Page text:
Ricardo Cabeza de Vaca's curator insight, May 25, 9:36 PM

I believe this article is very interesting because it shows how gentrification can change a neighborhood. I believe gentrification is a little bit of a negative thing because it adds geographical uniformity to our modern society and yes that could be good thing in measure. The article states now police patrol every street, Walmart's and 7-11's start showing up, areas will start becoming more aesthetically pleasing, but is that really a good thing? I believe that sometimes while you are driving by it is better to have a change in your surrounding, rather than seeing the same thing over and over again even if it is more modern.

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Portland: A Tale of Two Cities

Portland: A Tale of Two Cities | AP HUMAN GEOGRAPHY DIGITAL  STUDY: MIKE BUSARELLO | Scoop.it

"Portland is a city that some residents praise as a kind of eden: full of bike paths, independently-owned small businesses, great public transportation and abundant microbreweries and coffeeshops. And then there’s a whole other city. It’s the city where whole stretches of busy road are missing sidewalks, and you can see folks in wheelchairs rolling themselves down the street right next to traffic. It’s the city where some longtime African-American residents feel as if decades of institutional racism still have not been fully addressed."


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Seth Dixon's curator insight, October 8, 2013 1:11 PM

Portland, Oregon is often discussed as a magnet for a young demographic that wants to be part of a sustainable city that supports local businesses and agriculture.  This podcast looks behind that image (which has a measure of truth to it) to see another story.  Relining, gentrification, poverty, governance and urban planning are all prominent topics in this 50 minute podcast that provides as fascinating glimpse into the poorer neighborhoods of this intriguing West Coast city.  When in cities, we often use the term sustainability to refer to the urban ecology, but here we see a strong concern for the social sustainability of their historic neighborhoods as well. 


Tags: neighborhood, gentrificationurban, place, culture, economic, racepovertyplace, socioeconomic.

Gregory S Sankey Jr.'s curator insight, November 19, 2013 1:21 PM

Recently I came across a craigslist post from a gentleman who was trying to rally individuals to Portland with him for a journey on the "Michigan Trail" to Detroit. He made promise that the intention was to perform rejuvinating work in  Detroit alongside it's current residents and that there would be "no gentrification." 

Not that I found these statements or intentions to be profound or useful in anyway, but this podcast really put a nail in the coffin for me. The effects of gentrification are well known for both their positive and negative aspects. But the bottom line is this, regardless of intention the poor and diverse populations will be displaced unless it is from them that this renaissance takes place. Not Portlandia hipsters looking for some sort of "promise land."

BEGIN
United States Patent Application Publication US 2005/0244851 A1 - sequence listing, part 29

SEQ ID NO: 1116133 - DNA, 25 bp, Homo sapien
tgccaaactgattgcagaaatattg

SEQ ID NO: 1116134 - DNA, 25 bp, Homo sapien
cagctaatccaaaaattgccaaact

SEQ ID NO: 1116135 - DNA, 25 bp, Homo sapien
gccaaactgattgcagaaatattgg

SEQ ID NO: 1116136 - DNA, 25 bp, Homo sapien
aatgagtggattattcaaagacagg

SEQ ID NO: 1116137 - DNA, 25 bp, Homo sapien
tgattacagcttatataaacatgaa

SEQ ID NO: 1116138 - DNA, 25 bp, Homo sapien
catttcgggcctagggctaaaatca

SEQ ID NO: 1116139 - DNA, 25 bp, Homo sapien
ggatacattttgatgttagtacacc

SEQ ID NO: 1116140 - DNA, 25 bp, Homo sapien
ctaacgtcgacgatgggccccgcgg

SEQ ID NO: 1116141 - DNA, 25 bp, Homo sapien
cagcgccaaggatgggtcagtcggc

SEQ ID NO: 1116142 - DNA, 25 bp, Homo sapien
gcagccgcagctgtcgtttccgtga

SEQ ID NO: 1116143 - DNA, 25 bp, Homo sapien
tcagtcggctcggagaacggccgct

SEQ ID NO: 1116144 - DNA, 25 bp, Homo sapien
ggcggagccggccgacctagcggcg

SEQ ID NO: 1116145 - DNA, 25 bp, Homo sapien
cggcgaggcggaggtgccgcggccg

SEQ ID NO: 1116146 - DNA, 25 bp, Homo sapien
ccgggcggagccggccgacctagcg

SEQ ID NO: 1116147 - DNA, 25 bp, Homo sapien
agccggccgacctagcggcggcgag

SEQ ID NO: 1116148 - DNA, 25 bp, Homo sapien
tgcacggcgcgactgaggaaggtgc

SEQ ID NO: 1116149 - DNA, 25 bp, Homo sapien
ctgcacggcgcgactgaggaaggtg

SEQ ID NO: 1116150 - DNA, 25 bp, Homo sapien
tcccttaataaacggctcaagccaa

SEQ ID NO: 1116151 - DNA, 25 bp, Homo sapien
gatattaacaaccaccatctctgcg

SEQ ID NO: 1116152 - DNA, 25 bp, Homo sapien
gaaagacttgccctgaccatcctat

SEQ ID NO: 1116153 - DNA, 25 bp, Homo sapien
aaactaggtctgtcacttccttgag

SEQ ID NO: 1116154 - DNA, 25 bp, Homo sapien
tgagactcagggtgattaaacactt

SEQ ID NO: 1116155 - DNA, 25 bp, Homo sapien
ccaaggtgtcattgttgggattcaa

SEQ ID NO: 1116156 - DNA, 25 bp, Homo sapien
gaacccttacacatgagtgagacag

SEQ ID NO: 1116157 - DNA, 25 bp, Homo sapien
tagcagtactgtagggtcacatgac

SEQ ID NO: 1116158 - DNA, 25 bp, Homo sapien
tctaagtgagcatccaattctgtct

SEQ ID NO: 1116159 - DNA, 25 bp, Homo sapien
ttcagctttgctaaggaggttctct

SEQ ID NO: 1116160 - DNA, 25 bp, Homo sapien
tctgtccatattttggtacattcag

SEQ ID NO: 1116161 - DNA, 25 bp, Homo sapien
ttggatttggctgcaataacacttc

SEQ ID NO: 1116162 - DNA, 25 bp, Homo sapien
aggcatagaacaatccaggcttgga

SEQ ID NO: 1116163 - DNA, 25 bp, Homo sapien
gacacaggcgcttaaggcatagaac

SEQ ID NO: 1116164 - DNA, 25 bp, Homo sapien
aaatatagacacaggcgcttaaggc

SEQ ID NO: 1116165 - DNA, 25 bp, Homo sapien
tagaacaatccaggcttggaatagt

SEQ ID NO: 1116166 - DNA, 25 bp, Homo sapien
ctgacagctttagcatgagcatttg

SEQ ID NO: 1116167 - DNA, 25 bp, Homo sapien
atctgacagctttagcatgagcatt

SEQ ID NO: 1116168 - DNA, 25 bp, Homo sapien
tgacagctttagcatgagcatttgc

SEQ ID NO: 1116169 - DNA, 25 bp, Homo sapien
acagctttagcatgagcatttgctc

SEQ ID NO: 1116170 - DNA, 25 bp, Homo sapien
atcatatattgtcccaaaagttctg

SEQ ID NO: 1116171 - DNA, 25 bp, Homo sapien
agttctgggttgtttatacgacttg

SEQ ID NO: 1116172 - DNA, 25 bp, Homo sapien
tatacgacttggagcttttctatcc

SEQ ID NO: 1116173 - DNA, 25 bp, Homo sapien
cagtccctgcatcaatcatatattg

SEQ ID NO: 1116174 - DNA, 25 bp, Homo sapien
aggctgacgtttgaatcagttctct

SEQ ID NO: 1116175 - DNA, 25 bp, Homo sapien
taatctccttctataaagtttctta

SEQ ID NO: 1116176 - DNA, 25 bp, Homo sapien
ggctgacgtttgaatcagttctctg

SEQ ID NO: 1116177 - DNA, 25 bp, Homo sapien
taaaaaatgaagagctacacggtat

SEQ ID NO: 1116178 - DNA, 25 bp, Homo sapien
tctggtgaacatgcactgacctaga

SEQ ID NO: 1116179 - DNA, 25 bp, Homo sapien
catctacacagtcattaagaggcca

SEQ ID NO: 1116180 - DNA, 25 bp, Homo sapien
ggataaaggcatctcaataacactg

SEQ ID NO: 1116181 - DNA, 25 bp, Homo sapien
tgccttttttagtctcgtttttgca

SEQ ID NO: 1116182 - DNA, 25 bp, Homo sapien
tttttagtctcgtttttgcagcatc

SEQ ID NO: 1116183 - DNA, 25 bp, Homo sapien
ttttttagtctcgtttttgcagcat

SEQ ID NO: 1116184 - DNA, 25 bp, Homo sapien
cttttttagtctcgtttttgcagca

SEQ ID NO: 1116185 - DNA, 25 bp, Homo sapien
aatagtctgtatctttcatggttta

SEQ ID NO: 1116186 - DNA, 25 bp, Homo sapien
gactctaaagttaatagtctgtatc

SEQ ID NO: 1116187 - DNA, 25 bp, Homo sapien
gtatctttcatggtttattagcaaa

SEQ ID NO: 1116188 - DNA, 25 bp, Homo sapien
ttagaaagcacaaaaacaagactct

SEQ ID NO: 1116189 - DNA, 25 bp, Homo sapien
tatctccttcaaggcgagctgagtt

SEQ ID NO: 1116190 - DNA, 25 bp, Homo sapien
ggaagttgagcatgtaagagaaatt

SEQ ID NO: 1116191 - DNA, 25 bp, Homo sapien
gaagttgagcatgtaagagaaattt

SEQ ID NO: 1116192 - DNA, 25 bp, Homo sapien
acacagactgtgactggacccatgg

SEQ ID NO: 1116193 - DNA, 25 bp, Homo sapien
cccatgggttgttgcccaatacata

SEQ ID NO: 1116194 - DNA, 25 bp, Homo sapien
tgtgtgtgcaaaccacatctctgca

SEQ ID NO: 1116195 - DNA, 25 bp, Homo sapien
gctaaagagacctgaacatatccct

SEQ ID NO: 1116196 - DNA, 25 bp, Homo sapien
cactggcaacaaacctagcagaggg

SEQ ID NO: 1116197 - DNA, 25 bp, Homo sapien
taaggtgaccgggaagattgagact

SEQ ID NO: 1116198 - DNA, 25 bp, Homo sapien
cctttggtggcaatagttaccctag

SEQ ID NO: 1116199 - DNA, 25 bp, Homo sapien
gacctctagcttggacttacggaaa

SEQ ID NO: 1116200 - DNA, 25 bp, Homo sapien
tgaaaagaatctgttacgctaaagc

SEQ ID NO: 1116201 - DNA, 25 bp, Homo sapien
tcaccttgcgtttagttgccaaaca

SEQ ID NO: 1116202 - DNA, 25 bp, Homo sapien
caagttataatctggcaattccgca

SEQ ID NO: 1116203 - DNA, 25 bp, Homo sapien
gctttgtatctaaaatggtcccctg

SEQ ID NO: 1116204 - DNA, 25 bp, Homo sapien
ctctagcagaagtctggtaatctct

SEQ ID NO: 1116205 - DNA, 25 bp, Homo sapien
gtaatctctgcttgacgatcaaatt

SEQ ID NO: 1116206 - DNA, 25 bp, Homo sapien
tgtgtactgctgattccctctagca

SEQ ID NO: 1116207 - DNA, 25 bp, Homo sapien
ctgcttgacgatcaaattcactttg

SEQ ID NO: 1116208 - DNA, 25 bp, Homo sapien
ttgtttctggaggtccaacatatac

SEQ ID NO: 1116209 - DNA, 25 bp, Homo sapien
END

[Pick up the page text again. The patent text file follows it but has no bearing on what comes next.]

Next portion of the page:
Portland apparentely has it's own issues with gentrification and a class of social and cultural norms that make it difficult to make the case for cities on the rise to take the same path.  

Matthew DiLuglio's curator insight, November 27, 2013 6:12 PM

I don't think that Earth offers everything for everyone.  Given the situation of predetermination about birthplace and essentially upbringing, social class, and outcomes, in an infinite universe (infinite until proven otherwise), a single small planet cannot possibly offer us everything we are destined to need in the universe, let alone the towns that we are limited to.  I do not believe in choice, I believe in destiny... I do not blame people for racism or crimes, as HORRIBLE as they may be. I think that people are made into what they are by the world around them, in existential and defining ways.  Yeah, there is plenty of room for improvement and change in Oregon, but realistically, there is also more room for improvement in other areas too.  I don't really see humans as the sort of people that will ever get better without some sort of divine intervention.  I am taking the perspective of separation of paradise and purgatory that was mentioned in this article, and applying it to a different scale, but I do believe that mankind is to be condemned by the universe, due to its faults and inability to play well with others.  The world freaks out when kidnapping victims are found after a decade of abuse and captivity, but this same world breeds animals for slaughter and consumption... Earthlings clearly have been taught to not care about those that are different, whether in looks or species... I think the kidnapping situation is vile and appalling, but I also think that breeding species for slaughter (which affects more living beings) is democratically more of an issue.